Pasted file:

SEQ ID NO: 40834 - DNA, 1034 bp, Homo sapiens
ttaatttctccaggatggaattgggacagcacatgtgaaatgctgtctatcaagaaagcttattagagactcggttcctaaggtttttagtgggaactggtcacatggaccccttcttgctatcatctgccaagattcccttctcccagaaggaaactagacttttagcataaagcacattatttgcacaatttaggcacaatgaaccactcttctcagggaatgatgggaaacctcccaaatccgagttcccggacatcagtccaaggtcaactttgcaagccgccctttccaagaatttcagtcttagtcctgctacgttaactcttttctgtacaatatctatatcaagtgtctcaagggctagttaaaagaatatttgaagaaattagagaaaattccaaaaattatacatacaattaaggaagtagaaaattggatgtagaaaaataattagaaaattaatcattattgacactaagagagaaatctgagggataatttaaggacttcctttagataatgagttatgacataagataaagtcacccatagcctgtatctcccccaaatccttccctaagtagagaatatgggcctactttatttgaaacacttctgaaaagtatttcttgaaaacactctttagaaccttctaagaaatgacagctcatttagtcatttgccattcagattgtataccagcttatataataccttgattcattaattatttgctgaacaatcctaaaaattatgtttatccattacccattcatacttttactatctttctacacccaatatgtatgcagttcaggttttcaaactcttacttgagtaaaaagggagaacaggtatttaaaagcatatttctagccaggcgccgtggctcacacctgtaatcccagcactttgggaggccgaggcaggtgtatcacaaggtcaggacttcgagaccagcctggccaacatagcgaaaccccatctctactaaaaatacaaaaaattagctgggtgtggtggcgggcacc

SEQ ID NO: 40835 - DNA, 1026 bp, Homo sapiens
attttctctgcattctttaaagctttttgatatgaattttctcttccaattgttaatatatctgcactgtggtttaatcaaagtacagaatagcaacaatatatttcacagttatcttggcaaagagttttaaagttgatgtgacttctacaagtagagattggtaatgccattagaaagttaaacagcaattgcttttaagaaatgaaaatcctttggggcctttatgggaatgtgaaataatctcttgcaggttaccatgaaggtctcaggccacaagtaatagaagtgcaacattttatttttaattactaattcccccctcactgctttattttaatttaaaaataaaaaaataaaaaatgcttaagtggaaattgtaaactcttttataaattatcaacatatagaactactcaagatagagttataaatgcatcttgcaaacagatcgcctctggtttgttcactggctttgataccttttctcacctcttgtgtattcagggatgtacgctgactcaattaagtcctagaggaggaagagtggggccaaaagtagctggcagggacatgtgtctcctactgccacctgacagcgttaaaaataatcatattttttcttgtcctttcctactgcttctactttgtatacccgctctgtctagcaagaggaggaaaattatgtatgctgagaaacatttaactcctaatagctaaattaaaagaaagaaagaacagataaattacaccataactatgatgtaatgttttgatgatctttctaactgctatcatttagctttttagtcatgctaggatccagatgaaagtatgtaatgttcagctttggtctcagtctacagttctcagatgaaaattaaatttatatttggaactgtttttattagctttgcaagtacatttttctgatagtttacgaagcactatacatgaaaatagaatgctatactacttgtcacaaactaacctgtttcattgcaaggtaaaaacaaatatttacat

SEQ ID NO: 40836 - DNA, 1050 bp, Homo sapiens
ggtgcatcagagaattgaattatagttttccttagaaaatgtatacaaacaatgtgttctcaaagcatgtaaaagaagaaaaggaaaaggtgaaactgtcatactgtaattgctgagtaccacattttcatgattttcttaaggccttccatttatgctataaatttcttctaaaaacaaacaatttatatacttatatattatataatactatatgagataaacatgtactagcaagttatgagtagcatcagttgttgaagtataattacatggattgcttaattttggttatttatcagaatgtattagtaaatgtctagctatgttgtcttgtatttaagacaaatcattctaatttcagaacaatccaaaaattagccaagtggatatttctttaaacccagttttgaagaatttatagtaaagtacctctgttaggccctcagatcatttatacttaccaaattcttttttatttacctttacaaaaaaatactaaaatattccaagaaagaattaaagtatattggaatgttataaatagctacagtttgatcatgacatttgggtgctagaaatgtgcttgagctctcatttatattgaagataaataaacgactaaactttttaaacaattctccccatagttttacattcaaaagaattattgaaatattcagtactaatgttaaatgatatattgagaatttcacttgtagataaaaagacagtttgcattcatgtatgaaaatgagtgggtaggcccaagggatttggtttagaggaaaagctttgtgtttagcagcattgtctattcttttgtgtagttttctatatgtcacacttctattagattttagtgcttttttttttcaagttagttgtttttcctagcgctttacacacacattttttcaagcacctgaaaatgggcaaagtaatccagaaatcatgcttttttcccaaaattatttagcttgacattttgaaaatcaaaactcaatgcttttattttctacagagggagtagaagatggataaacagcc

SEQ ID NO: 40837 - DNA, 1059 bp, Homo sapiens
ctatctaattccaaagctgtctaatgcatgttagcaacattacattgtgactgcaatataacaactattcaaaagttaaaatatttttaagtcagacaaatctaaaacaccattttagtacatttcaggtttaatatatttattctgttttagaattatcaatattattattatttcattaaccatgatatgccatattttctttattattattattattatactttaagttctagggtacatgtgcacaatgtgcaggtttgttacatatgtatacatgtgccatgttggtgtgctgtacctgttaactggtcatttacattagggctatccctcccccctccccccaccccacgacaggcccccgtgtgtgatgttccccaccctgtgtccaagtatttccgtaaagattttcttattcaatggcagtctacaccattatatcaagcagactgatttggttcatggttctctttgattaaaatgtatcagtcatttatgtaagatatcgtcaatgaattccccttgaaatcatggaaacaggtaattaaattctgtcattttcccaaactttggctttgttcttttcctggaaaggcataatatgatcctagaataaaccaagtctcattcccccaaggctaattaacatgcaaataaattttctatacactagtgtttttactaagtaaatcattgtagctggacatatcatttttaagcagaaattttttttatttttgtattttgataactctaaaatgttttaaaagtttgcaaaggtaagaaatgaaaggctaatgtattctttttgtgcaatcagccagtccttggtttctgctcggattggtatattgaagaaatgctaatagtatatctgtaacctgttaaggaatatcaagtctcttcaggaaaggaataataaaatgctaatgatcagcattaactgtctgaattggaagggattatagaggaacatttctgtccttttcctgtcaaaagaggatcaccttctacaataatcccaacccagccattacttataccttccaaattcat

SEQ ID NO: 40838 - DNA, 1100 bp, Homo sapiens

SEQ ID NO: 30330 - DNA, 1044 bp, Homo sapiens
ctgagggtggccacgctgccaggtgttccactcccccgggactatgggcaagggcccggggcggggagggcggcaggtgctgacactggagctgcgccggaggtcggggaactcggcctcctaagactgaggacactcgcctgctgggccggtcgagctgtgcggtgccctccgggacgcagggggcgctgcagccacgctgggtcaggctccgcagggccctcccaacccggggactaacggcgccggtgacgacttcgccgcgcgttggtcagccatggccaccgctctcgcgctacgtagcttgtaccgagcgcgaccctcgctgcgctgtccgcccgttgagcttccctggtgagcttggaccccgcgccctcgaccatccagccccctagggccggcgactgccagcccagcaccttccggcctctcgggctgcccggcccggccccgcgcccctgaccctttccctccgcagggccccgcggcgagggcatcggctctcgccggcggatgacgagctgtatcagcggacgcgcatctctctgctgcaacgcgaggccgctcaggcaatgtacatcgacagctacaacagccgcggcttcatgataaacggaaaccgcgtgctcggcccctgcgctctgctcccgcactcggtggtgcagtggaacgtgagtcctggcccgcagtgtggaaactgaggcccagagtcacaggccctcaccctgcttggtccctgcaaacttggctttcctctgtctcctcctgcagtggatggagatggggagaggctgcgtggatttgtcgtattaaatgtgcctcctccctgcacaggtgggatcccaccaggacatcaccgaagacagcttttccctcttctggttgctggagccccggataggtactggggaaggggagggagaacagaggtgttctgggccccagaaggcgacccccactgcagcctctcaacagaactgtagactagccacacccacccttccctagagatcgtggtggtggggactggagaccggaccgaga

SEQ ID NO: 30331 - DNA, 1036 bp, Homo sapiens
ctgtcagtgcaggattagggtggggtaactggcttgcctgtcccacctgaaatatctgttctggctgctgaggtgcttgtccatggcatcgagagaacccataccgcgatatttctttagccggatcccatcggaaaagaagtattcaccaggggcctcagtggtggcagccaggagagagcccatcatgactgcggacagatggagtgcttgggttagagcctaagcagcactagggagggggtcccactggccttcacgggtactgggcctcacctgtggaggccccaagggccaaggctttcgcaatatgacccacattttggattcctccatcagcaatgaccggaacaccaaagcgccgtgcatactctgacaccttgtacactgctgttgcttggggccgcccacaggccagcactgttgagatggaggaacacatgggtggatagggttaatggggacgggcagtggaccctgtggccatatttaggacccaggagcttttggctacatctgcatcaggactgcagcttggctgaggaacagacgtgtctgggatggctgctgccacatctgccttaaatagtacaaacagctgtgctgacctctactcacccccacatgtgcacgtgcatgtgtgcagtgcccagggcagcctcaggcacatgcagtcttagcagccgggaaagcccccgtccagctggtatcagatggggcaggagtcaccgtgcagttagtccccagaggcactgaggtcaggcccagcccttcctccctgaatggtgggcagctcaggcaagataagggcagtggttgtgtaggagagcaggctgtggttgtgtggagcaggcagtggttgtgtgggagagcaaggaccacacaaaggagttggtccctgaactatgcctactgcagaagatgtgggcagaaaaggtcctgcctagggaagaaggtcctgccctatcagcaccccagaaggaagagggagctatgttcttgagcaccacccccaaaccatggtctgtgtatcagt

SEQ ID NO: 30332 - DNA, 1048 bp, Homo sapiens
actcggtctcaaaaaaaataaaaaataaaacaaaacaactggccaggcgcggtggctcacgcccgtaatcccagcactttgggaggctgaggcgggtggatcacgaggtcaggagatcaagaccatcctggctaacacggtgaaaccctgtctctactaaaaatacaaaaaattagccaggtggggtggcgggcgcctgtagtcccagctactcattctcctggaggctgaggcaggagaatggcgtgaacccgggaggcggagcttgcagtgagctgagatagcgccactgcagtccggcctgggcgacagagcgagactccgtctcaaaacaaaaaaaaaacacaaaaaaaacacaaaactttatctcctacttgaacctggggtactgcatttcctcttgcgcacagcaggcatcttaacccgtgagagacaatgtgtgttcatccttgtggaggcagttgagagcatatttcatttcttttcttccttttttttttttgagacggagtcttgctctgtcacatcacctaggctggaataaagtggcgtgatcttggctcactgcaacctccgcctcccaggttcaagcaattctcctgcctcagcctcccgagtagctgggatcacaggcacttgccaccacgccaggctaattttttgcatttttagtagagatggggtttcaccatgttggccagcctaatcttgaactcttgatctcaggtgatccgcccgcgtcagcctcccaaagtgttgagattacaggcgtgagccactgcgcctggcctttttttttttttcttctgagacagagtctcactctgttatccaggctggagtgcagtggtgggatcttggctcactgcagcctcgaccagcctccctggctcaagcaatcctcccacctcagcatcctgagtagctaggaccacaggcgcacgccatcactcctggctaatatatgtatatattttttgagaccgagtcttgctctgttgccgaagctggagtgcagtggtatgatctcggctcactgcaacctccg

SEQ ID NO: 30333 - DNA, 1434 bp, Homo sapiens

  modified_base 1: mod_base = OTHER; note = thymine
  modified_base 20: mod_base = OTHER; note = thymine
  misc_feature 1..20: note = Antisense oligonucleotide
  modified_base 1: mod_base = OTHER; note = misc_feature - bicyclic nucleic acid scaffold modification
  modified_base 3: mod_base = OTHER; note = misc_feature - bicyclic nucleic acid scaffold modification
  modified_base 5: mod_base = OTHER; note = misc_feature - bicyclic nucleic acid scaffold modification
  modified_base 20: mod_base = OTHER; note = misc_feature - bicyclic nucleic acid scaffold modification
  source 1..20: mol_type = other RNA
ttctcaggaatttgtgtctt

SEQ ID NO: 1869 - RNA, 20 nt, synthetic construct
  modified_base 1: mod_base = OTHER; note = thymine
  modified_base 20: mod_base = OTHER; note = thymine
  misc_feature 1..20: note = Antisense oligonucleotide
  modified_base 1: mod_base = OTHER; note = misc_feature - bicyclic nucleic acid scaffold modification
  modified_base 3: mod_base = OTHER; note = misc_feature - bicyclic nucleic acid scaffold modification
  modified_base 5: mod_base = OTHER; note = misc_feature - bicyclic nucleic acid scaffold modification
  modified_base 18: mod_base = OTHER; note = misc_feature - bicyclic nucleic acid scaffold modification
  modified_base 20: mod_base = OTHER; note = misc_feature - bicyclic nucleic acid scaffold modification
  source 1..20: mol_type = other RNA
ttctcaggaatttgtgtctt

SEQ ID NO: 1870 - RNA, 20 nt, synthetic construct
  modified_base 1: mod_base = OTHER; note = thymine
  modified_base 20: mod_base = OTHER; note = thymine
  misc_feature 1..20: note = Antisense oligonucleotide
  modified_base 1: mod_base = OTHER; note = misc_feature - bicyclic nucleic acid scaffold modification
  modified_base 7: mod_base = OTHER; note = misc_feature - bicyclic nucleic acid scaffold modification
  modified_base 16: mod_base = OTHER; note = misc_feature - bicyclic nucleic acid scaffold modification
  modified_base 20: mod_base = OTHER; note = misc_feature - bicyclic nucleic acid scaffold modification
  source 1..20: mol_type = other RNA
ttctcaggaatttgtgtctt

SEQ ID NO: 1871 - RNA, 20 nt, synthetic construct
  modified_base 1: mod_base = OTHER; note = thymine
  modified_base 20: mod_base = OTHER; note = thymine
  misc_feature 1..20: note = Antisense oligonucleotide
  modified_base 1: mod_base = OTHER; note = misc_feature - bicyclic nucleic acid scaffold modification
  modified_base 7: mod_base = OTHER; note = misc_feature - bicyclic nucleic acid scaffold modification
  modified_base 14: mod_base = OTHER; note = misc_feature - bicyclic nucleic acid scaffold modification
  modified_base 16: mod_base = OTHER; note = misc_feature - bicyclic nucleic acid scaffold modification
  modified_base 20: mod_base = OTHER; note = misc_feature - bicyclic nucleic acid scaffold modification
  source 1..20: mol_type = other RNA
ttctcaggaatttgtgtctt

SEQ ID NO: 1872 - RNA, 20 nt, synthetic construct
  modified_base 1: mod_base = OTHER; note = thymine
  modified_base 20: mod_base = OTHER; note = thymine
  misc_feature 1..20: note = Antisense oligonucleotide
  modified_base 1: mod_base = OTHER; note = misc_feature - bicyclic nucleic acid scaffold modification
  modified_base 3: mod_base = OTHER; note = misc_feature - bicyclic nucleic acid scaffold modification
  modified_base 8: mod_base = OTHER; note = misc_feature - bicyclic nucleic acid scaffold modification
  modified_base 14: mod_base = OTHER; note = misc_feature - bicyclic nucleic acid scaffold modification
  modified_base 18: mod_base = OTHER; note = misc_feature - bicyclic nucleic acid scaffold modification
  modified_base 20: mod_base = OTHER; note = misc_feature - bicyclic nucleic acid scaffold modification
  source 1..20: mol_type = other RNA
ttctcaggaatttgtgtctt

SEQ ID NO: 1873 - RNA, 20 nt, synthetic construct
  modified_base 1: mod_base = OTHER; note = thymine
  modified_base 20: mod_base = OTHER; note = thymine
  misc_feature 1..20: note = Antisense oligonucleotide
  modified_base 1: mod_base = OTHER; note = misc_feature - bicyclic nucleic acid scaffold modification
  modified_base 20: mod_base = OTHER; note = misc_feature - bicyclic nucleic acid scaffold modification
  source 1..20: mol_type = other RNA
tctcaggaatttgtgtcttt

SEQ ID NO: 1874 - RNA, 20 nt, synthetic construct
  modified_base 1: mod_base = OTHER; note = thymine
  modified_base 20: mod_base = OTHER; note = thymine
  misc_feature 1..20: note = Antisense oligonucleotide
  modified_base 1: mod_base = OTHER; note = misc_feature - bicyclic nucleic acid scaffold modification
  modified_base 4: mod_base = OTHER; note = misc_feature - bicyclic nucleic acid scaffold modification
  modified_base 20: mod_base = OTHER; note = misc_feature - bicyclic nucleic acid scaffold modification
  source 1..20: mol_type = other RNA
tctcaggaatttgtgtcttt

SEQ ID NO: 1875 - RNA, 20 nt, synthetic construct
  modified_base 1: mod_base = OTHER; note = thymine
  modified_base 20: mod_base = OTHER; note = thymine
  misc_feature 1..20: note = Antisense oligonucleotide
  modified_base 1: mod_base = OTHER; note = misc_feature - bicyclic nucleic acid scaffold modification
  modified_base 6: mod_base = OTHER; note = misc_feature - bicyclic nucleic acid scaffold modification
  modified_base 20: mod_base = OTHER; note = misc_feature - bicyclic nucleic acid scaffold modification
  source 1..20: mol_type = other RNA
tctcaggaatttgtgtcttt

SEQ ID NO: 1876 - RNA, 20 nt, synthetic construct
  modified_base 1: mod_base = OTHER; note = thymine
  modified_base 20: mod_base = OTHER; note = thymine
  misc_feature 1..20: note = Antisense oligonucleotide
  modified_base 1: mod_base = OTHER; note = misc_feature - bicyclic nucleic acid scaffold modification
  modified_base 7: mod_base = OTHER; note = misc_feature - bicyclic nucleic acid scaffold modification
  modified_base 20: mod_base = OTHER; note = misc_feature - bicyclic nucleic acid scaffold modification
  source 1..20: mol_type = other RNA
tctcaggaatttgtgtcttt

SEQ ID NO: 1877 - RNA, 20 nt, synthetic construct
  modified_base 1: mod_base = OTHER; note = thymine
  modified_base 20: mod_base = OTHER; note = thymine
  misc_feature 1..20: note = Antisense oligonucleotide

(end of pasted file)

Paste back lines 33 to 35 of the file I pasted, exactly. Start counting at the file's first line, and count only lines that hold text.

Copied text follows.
  modified_base 18: mod_base = OTHER; note = misc_feature - bicyclic nucleic acid scaffold modification
  modified_base 20: mod_base = OTHER; note = misc_feature - bicyclic nucleic acid scaffold modification
  source 1..20: mol_type = other RNA